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Simultaneous Onset of Mycobacterium kansasii Pulmonary Infection and Systemic Lupus Erythematosus: A Case Report

Dario Bruno, Giacomo Tanti, Antonella Cingolani, Francesco Ria, Elisa Gremese, Luisa Mirone

(Division of Rheumatology, Università Cattolica del Sacro Cuore, Rome, Italy)

Am J Case Rep 2021; 22:e929866

DOI: 10.12659/AJCR.929866


BACKGROUND: Systemic lupus erythematosus (SLE) is a systemic autoimmune disease resulting from dysregulation of the immune response. In genetically predisposed subjects, infections reputedly trigger an immune activation leading to autoimmunity and overt autoimmune diseases such as SLE.
CASE REPORT: We report the case of a 19-year-old woman who presented to our hospital reporting high-grade fever, dry cough, and polyarthralgia despite a course of empiric antibiotic and steroid therapy administered by her general practitioner (GP). On physical examination, she had a malar rash, a palpable erythematous maculopapular non-itchy rash over the limbs and trunk, and mild polyarthritis. A contrast computed tomography (CT) scan of the chest showed a pulmonary right upper-lobe consolidation with air bronchogram and multiple necrotizing conglomerate mediastinal lymph nodes. Culturing of collected samples from endobronchial ultrasound-guided transbronchial needle aspiration (EBUS-TBNA) of the mediastinal lymph node revealed growth of Mycobacterium kansasii. Antinuclear antibodies (ANA) and lupus anticoagulant (LAC) were positive. A diagnosis of M. kansasii infection associated with SLE was made. She was started on anti-mycobacterial and hydroxychloroquine therapy and entered into a joint rheumatological and infectious disease follow-up. Six months later, a CT scan with positron emission tomography (PET) showed a significant reduction in size of the basal right upper-lobe consolidation and hypermetabolic activity in multiple pulmonary areas and mediastinal lymph nodes. ANA and LAC tests were repeated and remained positive. The decision was made to continue the ongoing therapy course for 1 year in total.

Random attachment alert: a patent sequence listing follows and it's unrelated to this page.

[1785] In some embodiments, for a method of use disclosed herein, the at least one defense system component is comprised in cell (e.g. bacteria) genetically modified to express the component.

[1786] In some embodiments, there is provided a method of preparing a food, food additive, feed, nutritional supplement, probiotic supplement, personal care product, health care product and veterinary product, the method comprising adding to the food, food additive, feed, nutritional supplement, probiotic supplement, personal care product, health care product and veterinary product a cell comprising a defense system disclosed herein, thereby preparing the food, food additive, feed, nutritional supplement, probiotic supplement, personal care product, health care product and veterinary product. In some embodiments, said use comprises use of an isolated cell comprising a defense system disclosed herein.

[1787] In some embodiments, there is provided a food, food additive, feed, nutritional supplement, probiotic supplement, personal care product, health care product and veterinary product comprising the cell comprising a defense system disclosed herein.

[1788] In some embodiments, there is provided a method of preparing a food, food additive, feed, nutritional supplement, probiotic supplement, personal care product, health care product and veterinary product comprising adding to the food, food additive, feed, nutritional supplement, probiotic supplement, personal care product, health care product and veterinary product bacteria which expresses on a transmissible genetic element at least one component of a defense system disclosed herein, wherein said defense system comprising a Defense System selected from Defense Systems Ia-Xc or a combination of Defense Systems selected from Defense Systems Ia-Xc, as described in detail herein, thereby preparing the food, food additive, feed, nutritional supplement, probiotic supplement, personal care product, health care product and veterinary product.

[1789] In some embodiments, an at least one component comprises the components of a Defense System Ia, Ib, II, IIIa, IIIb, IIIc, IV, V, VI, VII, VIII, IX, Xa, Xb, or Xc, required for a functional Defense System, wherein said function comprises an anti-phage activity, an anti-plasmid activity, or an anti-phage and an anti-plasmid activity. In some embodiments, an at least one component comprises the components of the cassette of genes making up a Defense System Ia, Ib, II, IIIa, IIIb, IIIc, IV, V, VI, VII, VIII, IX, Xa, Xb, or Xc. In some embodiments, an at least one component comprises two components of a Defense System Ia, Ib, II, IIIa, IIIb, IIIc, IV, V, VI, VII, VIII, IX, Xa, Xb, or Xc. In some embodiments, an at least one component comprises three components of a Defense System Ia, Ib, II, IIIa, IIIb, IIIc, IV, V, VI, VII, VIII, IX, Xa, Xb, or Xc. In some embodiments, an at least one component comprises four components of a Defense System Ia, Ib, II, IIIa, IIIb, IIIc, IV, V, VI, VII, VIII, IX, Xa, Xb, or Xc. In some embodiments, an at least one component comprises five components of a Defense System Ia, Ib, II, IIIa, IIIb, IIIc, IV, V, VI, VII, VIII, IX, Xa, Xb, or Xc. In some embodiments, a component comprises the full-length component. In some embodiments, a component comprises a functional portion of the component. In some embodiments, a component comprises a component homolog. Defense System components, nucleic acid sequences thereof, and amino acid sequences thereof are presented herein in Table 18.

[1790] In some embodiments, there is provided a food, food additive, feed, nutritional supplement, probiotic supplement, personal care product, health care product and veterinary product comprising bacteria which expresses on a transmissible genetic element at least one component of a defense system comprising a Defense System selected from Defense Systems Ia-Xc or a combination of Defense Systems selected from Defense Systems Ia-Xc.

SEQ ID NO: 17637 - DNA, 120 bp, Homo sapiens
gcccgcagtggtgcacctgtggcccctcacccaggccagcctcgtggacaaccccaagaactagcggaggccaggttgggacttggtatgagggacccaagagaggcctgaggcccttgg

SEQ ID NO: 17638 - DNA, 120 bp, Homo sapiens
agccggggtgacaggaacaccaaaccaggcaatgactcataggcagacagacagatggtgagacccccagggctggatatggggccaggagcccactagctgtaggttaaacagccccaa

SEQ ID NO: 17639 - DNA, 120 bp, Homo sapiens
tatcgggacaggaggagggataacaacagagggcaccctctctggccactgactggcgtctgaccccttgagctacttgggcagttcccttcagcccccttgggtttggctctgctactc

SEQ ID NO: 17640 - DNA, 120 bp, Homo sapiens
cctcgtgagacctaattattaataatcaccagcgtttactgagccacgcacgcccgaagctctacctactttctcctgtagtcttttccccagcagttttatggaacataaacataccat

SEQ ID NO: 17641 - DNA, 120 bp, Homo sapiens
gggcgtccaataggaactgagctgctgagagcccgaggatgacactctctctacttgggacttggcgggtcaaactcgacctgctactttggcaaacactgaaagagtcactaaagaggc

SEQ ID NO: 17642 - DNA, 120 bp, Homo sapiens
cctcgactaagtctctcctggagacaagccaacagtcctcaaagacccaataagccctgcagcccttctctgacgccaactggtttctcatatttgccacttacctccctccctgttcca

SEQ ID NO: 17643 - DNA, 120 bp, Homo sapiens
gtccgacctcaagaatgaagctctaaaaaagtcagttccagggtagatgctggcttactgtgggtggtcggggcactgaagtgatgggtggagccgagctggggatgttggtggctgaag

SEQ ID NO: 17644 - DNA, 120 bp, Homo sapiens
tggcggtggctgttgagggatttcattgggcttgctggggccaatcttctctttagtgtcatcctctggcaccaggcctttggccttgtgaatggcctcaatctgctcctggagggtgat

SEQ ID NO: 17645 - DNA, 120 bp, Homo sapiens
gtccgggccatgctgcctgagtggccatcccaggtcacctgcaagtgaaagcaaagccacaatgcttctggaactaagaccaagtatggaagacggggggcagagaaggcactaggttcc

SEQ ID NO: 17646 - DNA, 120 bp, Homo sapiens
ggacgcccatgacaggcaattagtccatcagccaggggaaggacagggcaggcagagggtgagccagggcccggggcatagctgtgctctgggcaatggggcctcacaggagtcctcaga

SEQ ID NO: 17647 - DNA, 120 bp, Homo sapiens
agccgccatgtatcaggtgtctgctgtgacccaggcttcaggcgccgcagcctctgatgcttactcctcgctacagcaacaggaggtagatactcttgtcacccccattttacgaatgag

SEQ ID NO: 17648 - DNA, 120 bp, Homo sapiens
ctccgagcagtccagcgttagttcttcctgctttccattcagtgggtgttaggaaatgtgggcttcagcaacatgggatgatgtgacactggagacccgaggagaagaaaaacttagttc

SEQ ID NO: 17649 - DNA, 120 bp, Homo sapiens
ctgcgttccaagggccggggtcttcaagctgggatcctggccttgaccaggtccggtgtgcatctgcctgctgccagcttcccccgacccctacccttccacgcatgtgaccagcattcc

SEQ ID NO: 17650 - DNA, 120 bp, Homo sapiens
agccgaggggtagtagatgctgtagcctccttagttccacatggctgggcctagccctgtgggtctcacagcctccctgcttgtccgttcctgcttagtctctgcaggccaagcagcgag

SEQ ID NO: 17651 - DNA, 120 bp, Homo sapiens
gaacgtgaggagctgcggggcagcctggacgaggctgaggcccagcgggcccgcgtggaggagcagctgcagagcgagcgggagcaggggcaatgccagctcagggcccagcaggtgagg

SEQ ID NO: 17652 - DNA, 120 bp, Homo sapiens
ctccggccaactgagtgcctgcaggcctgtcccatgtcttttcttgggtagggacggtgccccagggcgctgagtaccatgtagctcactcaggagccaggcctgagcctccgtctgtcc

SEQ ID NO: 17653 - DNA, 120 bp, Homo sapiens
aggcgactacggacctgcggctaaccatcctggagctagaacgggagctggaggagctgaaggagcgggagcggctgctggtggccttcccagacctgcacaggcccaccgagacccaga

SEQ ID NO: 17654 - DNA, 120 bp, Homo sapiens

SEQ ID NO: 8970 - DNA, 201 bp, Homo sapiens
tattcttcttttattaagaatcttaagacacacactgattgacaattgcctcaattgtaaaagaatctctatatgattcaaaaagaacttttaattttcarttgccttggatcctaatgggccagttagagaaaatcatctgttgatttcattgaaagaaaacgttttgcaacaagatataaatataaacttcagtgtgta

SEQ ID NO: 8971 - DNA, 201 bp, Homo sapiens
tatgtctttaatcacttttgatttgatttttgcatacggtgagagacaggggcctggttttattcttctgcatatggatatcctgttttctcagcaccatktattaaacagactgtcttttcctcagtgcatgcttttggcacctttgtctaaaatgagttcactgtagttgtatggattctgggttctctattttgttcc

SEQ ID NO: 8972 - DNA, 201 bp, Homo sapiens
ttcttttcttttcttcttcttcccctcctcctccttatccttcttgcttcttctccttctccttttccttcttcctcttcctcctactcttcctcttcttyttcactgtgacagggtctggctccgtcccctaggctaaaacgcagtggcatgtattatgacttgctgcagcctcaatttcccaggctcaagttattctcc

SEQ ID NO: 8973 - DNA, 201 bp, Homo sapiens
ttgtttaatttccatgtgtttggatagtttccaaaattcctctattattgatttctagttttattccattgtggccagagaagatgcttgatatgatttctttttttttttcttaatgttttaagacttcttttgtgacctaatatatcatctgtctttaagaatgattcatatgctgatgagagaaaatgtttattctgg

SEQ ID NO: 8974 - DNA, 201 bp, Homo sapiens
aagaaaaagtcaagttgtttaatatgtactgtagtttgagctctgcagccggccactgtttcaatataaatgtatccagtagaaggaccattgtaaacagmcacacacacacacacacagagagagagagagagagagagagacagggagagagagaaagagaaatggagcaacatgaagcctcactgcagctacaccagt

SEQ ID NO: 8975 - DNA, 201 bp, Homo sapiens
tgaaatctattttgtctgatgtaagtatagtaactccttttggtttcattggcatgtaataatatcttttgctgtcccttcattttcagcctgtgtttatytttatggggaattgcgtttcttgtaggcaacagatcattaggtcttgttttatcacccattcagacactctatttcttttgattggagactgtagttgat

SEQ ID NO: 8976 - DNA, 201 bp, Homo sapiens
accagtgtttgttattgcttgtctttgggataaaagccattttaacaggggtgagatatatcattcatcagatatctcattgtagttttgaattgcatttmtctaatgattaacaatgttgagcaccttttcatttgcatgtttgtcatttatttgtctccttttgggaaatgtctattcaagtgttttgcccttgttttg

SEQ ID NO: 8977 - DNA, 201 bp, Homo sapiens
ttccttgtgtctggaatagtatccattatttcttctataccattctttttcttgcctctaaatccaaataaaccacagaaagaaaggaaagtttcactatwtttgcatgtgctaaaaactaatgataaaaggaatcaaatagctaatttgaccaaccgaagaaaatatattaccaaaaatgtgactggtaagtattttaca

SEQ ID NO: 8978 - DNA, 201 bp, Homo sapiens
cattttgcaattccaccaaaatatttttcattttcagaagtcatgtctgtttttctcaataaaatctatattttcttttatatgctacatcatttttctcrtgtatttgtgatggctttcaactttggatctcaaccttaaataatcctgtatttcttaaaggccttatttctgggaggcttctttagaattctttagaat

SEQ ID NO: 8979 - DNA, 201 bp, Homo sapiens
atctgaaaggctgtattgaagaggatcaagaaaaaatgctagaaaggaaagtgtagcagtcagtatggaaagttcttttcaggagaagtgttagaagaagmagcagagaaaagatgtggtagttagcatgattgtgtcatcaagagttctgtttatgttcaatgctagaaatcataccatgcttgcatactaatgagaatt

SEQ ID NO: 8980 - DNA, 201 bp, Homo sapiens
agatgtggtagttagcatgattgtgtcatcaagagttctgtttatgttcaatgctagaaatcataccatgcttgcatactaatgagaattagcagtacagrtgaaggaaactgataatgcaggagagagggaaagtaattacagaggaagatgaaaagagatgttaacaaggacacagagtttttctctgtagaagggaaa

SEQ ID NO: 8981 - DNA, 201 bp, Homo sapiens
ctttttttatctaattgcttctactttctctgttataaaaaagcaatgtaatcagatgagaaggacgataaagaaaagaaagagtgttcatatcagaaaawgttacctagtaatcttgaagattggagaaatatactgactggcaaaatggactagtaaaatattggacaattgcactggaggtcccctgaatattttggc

CONCLUSIONS: Clinical and experimental studies have suggested the association of mycobacterial infections with SLE and as a possible infectious trigger of autoimmunity. We describe a unique case of M. kansasii infection associated with the onset of SLE in a young woman.

Keywords: Autoimmunity, Lupus Erythematosus, Systemic, Mycobacterium Infections, Nontuberculous, case reports

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